Roles: Art Direction Environment Art Tech Art
I crafted several dioramas to challenge myself at modeling, texturing, lighting and shadering. I produced 3 scenes, rendered in Unity HDRP, & documented my process on Twitter & Artstation.
I learned a lot in 3D: using trimsheets, making good-looking & optimized vegetation, creating customisable shaders, setting up cameras & tools to record 4K screenshots or videos, creating "threads" on twitter to attract attention (>10k likes!) & perfecting the pipeline between my different tools (blender, photoshop, unity).
The Indian Temple
I made this scene in 3 weeks, streaming the whole process on Twitch. As a reference, I used pictures of a real temple in the fortifed city of Jaisalmer.
I focused on style and optimization. There's only 1 Texture. I didn't use normal maps, AO maps, just the diffuse map, carefully handpainted. The lighting is also very simple, with just 1 directional light. The Post Processes make everything look nice. This reduces the number of drawcalls drastically & lets me iterate quickly on the texture.
I used trimsheets. I learned a lot on UV mapping, texture mipmaps & how to create synergies between the texture & the geometry. The setup is long & difficult, but when it's done, it's very scalable. It becomes very cheap to create new props. I stopped at 11 props, used only for 1 temple. But I'd like to create other temples & more props.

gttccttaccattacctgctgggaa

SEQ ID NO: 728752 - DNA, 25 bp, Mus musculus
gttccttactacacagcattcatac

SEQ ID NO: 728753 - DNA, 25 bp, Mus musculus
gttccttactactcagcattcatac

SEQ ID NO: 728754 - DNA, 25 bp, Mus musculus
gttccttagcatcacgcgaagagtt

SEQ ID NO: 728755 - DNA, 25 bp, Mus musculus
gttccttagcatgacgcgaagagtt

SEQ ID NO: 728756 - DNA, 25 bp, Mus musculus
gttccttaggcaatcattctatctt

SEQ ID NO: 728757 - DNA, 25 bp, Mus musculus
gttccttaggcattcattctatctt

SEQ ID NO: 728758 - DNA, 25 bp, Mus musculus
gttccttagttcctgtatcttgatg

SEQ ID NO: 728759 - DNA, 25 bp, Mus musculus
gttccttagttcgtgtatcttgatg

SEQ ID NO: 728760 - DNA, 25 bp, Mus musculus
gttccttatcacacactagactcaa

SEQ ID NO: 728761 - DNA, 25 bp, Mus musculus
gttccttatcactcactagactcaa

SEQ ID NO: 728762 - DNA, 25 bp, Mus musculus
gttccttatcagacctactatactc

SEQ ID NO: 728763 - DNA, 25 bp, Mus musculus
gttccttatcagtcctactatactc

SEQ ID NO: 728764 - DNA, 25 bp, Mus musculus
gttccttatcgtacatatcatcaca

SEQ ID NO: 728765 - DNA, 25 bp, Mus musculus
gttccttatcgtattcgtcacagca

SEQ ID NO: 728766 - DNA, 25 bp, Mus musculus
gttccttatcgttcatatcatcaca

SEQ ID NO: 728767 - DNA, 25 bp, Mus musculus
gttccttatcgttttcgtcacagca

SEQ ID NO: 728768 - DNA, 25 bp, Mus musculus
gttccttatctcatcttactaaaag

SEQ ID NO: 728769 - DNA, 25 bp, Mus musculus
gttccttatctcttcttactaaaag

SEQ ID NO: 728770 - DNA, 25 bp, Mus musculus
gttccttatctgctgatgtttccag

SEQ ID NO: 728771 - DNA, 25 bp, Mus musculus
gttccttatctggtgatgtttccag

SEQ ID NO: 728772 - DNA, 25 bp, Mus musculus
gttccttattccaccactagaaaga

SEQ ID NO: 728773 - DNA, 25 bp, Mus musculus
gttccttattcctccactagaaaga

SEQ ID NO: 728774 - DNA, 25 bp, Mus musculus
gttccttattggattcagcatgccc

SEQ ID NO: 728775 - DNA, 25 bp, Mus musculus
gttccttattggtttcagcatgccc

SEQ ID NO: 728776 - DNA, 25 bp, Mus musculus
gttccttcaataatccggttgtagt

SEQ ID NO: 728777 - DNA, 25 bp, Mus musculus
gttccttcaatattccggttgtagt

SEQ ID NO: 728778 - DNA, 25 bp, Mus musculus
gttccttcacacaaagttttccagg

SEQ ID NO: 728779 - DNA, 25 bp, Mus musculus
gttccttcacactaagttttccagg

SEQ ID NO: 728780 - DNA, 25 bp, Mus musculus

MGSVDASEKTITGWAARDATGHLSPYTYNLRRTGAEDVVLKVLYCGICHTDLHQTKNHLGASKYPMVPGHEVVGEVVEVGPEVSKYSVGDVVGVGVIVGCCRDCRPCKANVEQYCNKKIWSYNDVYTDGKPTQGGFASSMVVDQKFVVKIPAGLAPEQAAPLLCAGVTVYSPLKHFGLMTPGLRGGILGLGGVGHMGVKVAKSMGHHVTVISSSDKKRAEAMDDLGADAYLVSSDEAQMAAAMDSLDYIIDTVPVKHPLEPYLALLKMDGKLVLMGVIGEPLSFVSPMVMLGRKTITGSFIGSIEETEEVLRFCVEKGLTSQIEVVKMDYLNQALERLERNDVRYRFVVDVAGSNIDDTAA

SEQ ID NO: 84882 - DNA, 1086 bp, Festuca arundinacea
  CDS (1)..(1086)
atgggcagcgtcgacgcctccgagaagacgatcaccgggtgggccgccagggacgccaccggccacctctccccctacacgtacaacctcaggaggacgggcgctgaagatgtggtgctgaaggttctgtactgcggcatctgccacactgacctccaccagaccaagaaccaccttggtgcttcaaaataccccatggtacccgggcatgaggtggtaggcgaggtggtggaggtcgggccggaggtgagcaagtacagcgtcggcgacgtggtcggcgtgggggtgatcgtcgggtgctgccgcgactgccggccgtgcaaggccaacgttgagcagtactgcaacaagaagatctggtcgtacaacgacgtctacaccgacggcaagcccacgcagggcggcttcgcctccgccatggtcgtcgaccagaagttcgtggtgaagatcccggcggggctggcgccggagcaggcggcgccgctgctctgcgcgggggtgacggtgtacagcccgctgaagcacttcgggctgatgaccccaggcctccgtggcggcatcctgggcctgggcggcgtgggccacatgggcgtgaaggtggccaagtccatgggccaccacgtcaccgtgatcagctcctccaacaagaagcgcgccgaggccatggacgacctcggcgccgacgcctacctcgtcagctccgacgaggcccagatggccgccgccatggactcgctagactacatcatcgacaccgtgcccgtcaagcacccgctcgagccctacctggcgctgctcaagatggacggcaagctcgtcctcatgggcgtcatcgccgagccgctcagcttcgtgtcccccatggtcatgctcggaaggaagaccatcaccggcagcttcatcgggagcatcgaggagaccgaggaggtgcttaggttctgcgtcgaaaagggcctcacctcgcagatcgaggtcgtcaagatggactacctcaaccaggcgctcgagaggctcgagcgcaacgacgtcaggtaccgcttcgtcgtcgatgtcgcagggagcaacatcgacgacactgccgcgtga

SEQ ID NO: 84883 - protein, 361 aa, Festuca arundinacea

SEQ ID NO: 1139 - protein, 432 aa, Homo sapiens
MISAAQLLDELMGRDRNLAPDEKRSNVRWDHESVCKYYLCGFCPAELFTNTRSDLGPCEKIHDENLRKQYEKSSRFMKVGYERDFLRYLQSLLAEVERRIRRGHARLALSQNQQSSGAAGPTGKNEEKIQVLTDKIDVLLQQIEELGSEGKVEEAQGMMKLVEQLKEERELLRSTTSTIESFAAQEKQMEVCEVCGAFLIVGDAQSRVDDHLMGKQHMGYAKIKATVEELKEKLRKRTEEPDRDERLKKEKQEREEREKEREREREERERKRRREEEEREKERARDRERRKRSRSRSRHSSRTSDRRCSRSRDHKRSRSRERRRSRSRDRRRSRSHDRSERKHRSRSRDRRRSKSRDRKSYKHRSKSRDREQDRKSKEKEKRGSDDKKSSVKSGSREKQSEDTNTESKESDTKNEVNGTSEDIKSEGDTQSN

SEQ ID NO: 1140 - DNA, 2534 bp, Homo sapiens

Creating only 1 texture for the whole scene is probably overkill though. The scene could have 4 different materials for the stone parts instead of only one. I ran into problems when I wanted to unwrap UVs vertically.
I created custom shaders to break the visual repetition of the tiled texture. Some seaweed appears on the stone when it's near or below water (practically: if it's below a certain height). I created the shader in shader graph, exposing useful sliders, while retaining the specific style I wanted.
I reduced the initial scope of a forest diorama to stay in the ~2 weeks time frame. The result is a boulder in a forest. The first try was too ambitious for my rookie skills on vegetation. I wanted to create a Ghibli-style dense forest surrounding a family of deers. After 2 days, I was still struggling with the first tree. Everything felt paper-made & I didn't have a clue how to make these bushes fluffier.
So I put the ghibli forest aside & chose a single, beautiful, precise reference: a peaceful drawing by Jimmy Malachier. I could concentrate on 3 rocks, a trunk & bushes. No full grown trees.
With retrospect, my first attempts failed because the leaves were too flat. I had better results at duplicating & assembling a small card module around a Sprig, & then transfering normals from simple shapes like cones or cylinders.
To break the flatness of the hand-painted terrain, I put grass patches around props. I created a custom shader for these grass patches to be the same color as the terrain.
The Folorn Wood Cart
I started the dioramas series with this one. I wanted to get better at modeling & texturing with blender & Unity. I modeled directly in low-poly. I hand-painted a well thought trimsheet of wood planks & rusty metal parts, & patiently unwrapped UVs.
I could then iterate on the texture style. Finally I added details on the modeling, carves & extrusions where it fitted the underlined texture.
I tried to paint musty wood parts in the trimsheet, to place them in the cavities of the cart. The result is nice, but the trimsheet doesn't tile on every row, complicating the UV unwrap phase a lot. I should have made a shader, to "paint" the musty parts with vertex colors.
I added a bird afterward. With it, the scene gets a story, a subject, an elusive wonder. It's missing in the other dioramas. I'd like to add this kind of storytelling.